He didn’t answer. He was asleep, which was a relief. I felt like I had only one sentence inside of me, and I didn’t want to blurt out I just got my period to my grandfather. I only had that one sentence, and I didn’t want to say it to anyone. I hated it. It embarrassed and devastated me. It said, You are lost.
My family came stomping into the porch, knocking snow from their boots against the floral linoleum. I ran up the stairs to lurk in one of the guest bedrooms and burned my sentence into my palm by tracing its letters with my fingernail. When I could hear that my mother was out of her coat and scarf, I stuck my head into the stairwell and whispered to get her attention. This had to be torn through fast before I gave it too much thought. If I didn’t tell someone soon, I was going to end up waddling around for the rest of Christmas break with a mess of rolled up toilet paper in my underwear. I motioned for her to come closer.
“I just got my period.” I whispered my death knell and pulled at the hair behind my ear.
Within minutes, my mother had rushed the both of us into our coats and boots and was hustling me along to my uncle’s grocery store the next street over. When I was little, it had been owned by my grandparents, and I remembered poking my fingers into boxes of nails and picking at the dusty elastics that held the plaid men’s slippers together. The store had smelled of wooden shelving, cardboard boxes, and sweet fresh produce back then. The old shelving had since been replaced. Now the store smelled like floor cleaner and antiseptic spray.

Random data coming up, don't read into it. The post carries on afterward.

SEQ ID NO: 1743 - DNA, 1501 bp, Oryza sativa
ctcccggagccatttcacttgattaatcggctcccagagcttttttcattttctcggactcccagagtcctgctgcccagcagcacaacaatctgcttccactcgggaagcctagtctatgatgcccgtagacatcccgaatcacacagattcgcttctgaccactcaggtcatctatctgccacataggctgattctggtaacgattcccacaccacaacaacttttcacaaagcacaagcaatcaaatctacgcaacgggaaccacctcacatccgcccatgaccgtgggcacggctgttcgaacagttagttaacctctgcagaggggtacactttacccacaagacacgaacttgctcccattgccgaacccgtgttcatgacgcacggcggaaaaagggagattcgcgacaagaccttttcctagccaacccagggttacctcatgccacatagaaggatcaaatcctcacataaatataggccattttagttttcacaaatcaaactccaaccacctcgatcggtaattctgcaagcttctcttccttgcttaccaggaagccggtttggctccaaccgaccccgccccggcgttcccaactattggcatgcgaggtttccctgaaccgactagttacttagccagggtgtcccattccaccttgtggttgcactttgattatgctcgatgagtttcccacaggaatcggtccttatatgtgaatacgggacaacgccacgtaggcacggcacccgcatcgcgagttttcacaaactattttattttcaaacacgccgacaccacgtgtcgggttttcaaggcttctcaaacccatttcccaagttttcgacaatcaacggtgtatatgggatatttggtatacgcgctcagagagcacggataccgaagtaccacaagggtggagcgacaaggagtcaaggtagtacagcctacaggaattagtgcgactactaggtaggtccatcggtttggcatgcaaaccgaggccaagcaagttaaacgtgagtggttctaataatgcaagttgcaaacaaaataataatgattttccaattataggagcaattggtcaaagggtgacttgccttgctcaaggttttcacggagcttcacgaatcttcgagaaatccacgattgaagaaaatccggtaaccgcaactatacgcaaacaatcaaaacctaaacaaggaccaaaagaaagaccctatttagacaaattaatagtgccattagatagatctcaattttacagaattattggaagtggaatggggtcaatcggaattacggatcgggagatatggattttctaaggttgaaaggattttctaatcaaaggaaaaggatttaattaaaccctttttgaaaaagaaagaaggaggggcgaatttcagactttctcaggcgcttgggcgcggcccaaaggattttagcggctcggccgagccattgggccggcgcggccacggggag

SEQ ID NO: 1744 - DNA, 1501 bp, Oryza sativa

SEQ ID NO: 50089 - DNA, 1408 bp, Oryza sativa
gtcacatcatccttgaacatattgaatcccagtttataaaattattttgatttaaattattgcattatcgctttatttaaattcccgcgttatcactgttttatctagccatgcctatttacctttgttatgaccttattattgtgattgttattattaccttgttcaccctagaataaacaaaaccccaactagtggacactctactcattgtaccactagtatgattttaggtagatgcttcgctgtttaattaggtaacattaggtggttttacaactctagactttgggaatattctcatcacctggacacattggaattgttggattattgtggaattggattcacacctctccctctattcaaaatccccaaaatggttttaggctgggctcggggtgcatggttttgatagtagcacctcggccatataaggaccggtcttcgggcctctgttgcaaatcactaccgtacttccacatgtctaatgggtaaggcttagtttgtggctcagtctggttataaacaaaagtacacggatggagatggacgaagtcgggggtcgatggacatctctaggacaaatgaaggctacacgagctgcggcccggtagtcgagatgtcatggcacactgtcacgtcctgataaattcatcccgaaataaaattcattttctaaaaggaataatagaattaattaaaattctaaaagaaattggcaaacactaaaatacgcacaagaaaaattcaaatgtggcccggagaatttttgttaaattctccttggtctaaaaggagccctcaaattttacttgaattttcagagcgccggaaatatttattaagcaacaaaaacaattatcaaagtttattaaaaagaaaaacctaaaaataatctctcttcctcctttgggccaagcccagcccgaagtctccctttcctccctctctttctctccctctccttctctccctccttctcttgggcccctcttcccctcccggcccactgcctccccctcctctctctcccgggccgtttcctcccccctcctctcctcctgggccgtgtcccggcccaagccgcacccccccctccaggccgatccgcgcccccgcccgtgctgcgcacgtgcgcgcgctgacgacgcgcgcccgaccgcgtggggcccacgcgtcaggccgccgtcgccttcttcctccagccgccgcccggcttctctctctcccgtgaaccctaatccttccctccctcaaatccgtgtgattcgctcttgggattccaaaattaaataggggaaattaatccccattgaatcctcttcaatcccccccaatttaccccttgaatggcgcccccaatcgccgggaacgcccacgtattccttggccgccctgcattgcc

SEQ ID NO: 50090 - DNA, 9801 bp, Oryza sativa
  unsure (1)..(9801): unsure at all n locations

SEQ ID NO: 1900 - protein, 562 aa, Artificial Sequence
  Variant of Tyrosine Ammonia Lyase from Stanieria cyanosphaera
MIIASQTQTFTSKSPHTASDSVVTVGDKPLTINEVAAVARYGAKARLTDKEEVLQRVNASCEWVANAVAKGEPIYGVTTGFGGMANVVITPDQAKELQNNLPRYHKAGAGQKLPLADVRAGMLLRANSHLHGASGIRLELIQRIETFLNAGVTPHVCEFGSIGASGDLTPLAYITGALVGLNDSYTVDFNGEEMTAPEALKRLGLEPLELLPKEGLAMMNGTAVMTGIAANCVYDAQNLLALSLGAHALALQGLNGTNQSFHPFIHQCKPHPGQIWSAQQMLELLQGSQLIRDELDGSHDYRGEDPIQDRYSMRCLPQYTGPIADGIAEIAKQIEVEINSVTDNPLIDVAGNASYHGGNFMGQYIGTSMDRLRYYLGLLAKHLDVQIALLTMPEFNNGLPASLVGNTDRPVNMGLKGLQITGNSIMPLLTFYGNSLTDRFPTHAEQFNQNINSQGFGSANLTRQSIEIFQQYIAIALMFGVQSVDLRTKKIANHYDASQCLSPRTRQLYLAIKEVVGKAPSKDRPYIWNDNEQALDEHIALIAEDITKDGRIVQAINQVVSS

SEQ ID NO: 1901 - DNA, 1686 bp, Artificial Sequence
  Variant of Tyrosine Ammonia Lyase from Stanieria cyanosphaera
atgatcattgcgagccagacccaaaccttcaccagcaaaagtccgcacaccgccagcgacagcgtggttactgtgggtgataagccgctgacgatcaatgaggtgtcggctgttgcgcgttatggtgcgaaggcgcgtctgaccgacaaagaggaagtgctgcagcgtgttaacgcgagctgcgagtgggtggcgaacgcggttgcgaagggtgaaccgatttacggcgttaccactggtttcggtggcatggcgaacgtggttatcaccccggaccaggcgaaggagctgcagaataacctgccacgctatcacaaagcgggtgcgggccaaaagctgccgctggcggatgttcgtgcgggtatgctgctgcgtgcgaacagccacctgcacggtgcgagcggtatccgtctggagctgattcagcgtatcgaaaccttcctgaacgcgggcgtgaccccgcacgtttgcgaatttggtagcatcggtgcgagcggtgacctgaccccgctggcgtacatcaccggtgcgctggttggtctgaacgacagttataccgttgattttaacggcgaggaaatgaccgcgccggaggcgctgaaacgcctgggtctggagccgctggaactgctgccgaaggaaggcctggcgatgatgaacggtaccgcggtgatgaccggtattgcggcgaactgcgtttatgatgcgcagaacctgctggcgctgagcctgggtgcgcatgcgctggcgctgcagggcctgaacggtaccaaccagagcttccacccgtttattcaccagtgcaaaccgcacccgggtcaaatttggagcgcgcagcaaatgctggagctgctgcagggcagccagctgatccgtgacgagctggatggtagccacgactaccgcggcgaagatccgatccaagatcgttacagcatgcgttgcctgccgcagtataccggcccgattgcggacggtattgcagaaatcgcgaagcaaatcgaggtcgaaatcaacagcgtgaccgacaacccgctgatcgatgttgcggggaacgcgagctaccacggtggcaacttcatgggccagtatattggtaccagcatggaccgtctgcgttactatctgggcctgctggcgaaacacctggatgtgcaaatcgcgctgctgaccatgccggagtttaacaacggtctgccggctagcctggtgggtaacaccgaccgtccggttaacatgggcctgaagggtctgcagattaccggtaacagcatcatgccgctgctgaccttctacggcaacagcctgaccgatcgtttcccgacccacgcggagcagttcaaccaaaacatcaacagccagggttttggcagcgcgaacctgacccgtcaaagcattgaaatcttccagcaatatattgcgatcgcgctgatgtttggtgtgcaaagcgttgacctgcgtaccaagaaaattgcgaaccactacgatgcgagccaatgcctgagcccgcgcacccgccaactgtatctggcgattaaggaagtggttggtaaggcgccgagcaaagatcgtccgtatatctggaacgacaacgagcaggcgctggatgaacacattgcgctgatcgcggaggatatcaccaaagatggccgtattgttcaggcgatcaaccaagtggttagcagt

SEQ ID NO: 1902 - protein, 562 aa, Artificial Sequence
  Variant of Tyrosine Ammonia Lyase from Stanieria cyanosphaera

“What kind do you want?” my mother asked. We were facing a purple, pink, and blue wall of feminine hygiene products that smelled like babies and lilacs. There was too much there. There were boxes and plastic bags full of sanitary napkins that came thin, thick, long, short, scented, unscented, and with and without belts. Tampons were definitely out of the question when I recalled a moment of curiosity a few months before that had involved some painful experimentation with a plus-size tampon I had stolen from under my mother’s sink.
“I don’t know,” I whispered. “There’s too much here. Just get me what you get.”
“Okay,” she said, “but you might not want to use what I use.”
“Because you might not want to use tampons your first time…”
“No. No tampons,” I interrupted.
“And the pads I use are for my heavier flow. Yours will probably be lighter.”
The conversation was killing me. It was like she wanted to hang out with the feminine hygiene products all day. I felt as though she should have just worn a shirt that said She just got her period with an arrow pointing at me like those I’m with stupid t-shirts, because this was not turning out to be as covert an operation as I had hoped.
Panic shifted me from foot to foot. If I leaned to the right, I could peek around the edge of the shelving and watch my uncle talking to an older woman from town that I didn’t recognize. I felt sick again. I knew what we were doing there, and my mother knew what we were doing there, but now my uncle might know, too. The greatest tragedy of my young life was being played out like an after school television special in which all the members of young woman’s life play a role in the pitfalls of her transformation. I wanted none of them to have even a bit part.